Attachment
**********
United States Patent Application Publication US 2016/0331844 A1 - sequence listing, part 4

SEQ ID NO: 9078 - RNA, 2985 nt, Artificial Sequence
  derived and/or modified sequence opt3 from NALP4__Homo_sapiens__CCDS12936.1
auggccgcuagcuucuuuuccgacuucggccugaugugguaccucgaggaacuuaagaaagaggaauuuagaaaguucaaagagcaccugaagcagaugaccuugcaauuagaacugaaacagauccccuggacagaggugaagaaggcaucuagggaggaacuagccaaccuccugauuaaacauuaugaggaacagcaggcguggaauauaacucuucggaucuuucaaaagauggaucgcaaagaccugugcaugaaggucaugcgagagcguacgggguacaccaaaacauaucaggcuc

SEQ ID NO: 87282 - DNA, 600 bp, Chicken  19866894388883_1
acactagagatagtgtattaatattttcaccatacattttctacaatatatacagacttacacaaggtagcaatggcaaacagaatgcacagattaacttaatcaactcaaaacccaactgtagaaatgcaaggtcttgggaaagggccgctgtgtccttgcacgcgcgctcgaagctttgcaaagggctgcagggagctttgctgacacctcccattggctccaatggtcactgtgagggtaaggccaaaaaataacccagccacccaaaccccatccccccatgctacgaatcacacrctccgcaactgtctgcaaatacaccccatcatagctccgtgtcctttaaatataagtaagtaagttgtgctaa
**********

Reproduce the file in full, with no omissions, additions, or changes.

United States Patent Application Publication US 2016/0331844 A1 - sequence listing, part 4

SEQ ID NO: 9078 - RNA, 2985 nt, Artificial Sequence
  derived and/or modified sequence opt3 from NALP4__Homo_sapiens__CCDS12936.1
auggccgcuagcuucuuuuccgacuucggccugaugugguaccucgaggaacuuaagaaagaggaauuuagaaaguucaaagagcaccugaagcagaugaccuugcaauuagaacugaaacagauccccuggacagaggugaagaaggcaucuagggaggaacuagccaaccuccugauuaaacauuaugaggaacagcaggcguggaauauaacucuucggaucuuucaaaagauggaucgcaaagaccugugcaugaaggucaugcgagagcguacgggguacaccaaaacauaucaggcuc

SEQ ID NO: 87282 - DNA, 600 bp, Chicken  19866894388883_1
acactagagatagtgtattaatattttcaccatacattttctacaatatatacagacttacacaaggtagcaatggcaaacagaatgcacagattaacttaatcaactcaaaacccaactgtagaaatgcaaggtcttgggaaagggccgctgtgtccttgcacgcgcgctcgaagctttgcaaagggctgcagggagctttgctgacacctcccattggctccaatggtcactgtgagggtaaggccaaaaaataacccagccacccaaaccccatccccccatgctacgaatcacacrctccgcaactgtctgcaaatacaccccatcatagctccgtgtcctttaaatataagtaagtaagttgtgctaa